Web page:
Florida history

Arthur Rothstein / Arthur Rothstein Archive

Arthur Rothstein was a young man in the 1930s. He originally wanted to be a doctor. But it was the Depression and he went to work for the Farm Security Administration, documenting American workers and the conditions they faced.

In 1938, that assignment took him to Key West. The city suffered more than most in the Depression, declaring bankruptcy and essentially handing itself over to the state. The state, in turn, brought in a New Deal administrator who decided the island should remake itself as a tourist mecca.

The John F. Kennedy Bunker, located on Peanut Island in Palm Beach County, was hastily constructed in the early 1960s to protect President Kennedy and his staff in the event of a nuclear strike. A local team of architects, preservationists and fundraisers are on a mission to save this historic site.

Photos: Old South In Tallahassee, Before Political Standoffs

May 29, 2015
State Archives of Florida, Florida Memory, http://floridamemory.com/items/show/275723

A special session for the Florida State Legislature starts Monday in Tallahassee. And that's a good a time as any to revisit the history of the 200,000-city, which used to be just a town of the Old South.

Mark Silva, former Tallahassee bureau chief for the Miami Herald, wrote about the capital's past in a National Geographic story

DeWolfe and Wood Collection / Monroe County Public Library

 In the '60s, '70s and '80s, waves of Cuban immigrants crossed the Florida Straits, seeking political freedom and economic opportunity. Soon they were starting their own businesses and winning political office, infusing Cuban culture into the DNA of a South Florida city.

The city was Key West. And this was the 1860s, '70s and '80s.

New Mission for Keys' Reef Lights: Historical Guideposts

Nov 26, 2014
Andy Newman / Florida Keys News Service

The reef lights along the Florida Keys are still owned by the U.S. Coast Guard -- but a nonprofit group hopes to take over their care and make them a 100-mile long museum of maritime history.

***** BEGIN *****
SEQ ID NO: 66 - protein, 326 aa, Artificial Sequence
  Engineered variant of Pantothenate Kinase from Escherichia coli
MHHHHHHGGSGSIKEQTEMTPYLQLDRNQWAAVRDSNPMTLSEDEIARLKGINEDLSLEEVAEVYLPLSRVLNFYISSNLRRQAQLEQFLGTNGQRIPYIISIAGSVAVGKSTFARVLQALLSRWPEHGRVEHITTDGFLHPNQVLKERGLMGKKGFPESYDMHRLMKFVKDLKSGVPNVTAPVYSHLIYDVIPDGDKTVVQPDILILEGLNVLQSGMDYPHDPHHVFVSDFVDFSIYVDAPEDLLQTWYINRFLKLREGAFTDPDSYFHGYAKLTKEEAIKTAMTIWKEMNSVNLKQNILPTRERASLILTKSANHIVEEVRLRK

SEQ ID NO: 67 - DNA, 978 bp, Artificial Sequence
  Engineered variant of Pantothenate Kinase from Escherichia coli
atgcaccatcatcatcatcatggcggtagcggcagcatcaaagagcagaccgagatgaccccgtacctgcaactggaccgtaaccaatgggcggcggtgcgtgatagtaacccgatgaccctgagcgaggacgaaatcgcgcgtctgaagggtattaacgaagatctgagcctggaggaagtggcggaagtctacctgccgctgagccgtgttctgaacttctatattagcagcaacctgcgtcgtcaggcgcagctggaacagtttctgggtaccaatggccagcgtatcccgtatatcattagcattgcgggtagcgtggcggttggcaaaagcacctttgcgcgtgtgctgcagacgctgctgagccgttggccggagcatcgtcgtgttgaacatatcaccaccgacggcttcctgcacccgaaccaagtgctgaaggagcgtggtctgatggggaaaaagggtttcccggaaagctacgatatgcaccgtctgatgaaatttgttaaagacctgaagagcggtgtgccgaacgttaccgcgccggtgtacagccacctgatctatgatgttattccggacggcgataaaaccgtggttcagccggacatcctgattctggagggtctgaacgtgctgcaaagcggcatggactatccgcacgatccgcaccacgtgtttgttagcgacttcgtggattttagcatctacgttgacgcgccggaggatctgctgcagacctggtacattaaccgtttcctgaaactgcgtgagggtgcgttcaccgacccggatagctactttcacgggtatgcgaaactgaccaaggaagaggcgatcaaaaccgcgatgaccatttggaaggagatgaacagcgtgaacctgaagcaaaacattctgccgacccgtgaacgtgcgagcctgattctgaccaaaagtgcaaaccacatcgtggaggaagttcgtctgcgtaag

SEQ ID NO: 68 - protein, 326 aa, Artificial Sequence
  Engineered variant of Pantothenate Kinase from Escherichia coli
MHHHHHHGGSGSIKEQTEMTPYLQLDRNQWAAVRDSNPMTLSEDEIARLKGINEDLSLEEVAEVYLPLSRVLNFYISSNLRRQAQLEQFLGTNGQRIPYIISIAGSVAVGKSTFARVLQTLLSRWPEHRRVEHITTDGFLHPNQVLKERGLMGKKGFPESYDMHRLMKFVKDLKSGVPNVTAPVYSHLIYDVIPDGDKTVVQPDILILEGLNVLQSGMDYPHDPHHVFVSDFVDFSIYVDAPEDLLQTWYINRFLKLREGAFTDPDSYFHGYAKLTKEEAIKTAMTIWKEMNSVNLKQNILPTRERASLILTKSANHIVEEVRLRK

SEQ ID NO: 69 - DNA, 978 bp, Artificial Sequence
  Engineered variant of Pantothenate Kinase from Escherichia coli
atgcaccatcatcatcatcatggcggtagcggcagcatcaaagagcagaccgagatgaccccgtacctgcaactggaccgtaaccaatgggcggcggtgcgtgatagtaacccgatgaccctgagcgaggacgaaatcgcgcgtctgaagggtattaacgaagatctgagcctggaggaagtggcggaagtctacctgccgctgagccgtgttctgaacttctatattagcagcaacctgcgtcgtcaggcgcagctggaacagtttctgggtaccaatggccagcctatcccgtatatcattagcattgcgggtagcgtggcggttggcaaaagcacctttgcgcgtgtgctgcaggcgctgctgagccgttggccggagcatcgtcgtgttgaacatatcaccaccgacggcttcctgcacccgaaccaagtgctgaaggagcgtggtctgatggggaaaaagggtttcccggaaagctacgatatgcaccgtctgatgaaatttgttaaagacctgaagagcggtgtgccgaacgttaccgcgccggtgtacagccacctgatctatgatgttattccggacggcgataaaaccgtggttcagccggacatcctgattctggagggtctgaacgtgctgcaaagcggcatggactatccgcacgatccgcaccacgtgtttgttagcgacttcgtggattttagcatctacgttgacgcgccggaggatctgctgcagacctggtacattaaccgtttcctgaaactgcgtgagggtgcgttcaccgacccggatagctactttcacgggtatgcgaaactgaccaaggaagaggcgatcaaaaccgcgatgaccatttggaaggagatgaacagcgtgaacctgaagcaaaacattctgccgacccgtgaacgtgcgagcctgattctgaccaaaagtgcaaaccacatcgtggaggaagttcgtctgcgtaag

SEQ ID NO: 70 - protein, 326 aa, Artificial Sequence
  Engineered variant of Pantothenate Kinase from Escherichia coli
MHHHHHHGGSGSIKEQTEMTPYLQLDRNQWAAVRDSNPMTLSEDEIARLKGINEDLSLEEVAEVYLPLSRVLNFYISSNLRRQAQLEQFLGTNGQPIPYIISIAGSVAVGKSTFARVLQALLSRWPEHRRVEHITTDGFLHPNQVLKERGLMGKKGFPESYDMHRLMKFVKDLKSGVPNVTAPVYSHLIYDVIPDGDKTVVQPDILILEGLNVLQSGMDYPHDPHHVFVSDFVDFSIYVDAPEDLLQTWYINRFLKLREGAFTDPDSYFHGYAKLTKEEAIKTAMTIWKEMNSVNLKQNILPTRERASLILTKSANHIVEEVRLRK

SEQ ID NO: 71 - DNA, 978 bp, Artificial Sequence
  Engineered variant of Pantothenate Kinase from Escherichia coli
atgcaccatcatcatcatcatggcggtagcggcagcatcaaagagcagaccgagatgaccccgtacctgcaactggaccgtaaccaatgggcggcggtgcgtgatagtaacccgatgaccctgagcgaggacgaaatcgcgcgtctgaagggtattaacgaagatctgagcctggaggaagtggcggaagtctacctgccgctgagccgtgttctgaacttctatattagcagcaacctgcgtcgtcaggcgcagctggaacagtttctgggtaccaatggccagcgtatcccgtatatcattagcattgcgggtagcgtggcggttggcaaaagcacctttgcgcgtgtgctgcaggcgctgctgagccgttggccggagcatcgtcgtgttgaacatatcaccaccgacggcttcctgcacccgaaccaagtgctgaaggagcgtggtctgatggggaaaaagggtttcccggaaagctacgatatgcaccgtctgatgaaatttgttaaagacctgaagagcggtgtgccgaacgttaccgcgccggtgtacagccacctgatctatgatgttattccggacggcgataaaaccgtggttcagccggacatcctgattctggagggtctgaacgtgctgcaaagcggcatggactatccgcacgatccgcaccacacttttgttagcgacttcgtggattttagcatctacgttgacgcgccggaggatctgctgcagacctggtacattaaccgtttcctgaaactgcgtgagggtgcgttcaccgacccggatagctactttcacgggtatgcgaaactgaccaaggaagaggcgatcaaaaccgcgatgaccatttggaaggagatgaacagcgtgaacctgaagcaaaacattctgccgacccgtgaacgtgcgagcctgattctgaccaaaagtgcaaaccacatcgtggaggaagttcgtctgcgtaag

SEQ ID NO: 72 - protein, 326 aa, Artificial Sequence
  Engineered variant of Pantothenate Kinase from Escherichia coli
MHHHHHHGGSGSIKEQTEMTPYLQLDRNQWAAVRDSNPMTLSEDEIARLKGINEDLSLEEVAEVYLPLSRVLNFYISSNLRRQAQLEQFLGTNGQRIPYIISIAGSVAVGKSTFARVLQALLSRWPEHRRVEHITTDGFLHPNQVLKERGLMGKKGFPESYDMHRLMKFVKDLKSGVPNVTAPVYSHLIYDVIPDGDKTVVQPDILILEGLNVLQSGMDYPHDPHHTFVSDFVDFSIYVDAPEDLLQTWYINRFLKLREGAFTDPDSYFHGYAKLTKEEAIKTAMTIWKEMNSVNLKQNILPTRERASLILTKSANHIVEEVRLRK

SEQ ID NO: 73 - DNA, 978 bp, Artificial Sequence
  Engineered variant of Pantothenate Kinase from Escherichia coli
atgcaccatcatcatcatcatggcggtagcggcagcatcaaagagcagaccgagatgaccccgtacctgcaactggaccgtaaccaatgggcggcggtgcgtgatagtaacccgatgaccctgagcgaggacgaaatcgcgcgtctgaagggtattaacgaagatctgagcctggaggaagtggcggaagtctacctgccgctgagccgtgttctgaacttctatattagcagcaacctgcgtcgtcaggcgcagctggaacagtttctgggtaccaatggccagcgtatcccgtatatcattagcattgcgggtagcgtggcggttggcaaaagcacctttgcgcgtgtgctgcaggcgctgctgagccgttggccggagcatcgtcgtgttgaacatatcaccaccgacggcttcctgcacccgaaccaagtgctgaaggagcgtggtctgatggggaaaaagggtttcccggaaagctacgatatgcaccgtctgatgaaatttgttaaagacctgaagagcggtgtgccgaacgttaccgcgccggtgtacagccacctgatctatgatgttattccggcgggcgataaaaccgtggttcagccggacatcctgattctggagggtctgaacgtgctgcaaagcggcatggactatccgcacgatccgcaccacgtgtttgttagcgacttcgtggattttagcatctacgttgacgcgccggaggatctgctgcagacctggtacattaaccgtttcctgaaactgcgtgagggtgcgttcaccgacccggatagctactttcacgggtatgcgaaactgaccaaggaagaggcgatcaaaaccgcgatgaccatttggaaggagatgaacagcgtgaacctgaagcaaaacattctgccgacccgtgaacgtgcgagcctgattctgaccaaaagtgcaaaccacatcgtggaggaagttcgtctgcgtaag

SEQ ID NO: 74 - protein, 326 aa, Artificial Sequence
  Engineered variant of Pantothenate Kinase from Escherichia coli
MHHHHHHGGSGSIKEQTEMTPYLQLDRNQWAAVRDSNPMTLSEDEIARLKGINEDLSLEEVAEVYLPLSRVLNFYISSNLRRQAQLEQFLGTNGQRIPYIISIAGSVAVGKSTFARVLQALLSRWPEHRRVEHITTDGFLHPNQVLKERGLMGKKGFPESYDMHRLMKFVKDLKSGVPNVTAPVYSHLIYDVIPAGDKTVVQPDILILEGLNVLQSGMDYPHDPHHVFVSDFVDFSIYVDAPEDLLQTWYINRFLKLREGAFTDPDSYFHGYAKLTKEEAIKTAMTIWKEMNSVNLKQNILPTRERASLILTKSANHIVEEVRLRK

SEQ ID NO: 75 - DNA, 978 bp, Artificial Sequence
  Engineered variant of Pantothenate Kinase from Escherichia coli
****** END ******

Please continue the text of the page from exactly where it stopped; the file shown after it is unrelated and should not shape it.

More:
The Florida Keys Reef Lights Foundation is raising money to apply to the Coast Guard for ownership of five lights stretching from Carysfort Reef off Key Largo to Sand Key off Key West. The others are Alligator Reef off Islamorada, Sombrero Reef off Marathon and American Shoal off the Lower Keys.

1930
State Archives of Florida, Florida Memory, http://floridamemory.com/items/show/24482

The Biltmore Hotel in Coral Gables wasn't always a hotel. 

It was built in 1926 by a young developer named George Merrick, who's known as the founder of Coral Gables. 

The hotel became a place to host glamorous fashion shows, galas, golf tournaments and water shows in what was then the largest pool in the world.

At a loud party on the 13th floor of the hotel, a gangster named Thomas "Fatty" Walsh was shot and killed by another gangster. That murder yielded a lot of ghost rumors over the years.

Julia Duba

Ted Smallwood built his store out of Dade County Pine on the edge of Chokoloskee, facing the Everglades' Ten Thousand Islands. He called it Ted Smallwood's Store.

In 1917, it was the hub of the community. It was the post office, a farming ground, a place to repair boats and trade goods. Smallwood's wife, Mamie, even taught grade school out of the store. Now the future of the store depends on one road and its legal battle to keep it open. 

See How Tourism Changed The Florida Keys

Aug 7, 2014
Monroe County Public Library/Scott DeWolfe collection

A new exhibit explores Key West as South Florida's oldest outpost. 

Florida Keys or Bust! A History of Tourism runs until Oct. 1 at the Custom House Museum.

The mission of the Coral Gables Museum is multifaceted, with a focus on community as well as art.  Caroline Breder-Watts recently spoke with Executive Director Christine Rupp.

Hear the interview here:

HistoryMiami

 

Before American soldiers landed on the beaches of Normandy on June 6, 1944, troops were preparing for D-Day on the beaches of South Florida.

They were doing jumping jacks on the sand in Miami Beach.

In the sky were big, green military planes.

That’s because before Florida was prime real estate for waterfront mansions and tourism, it was the perfect place to train soldiers.

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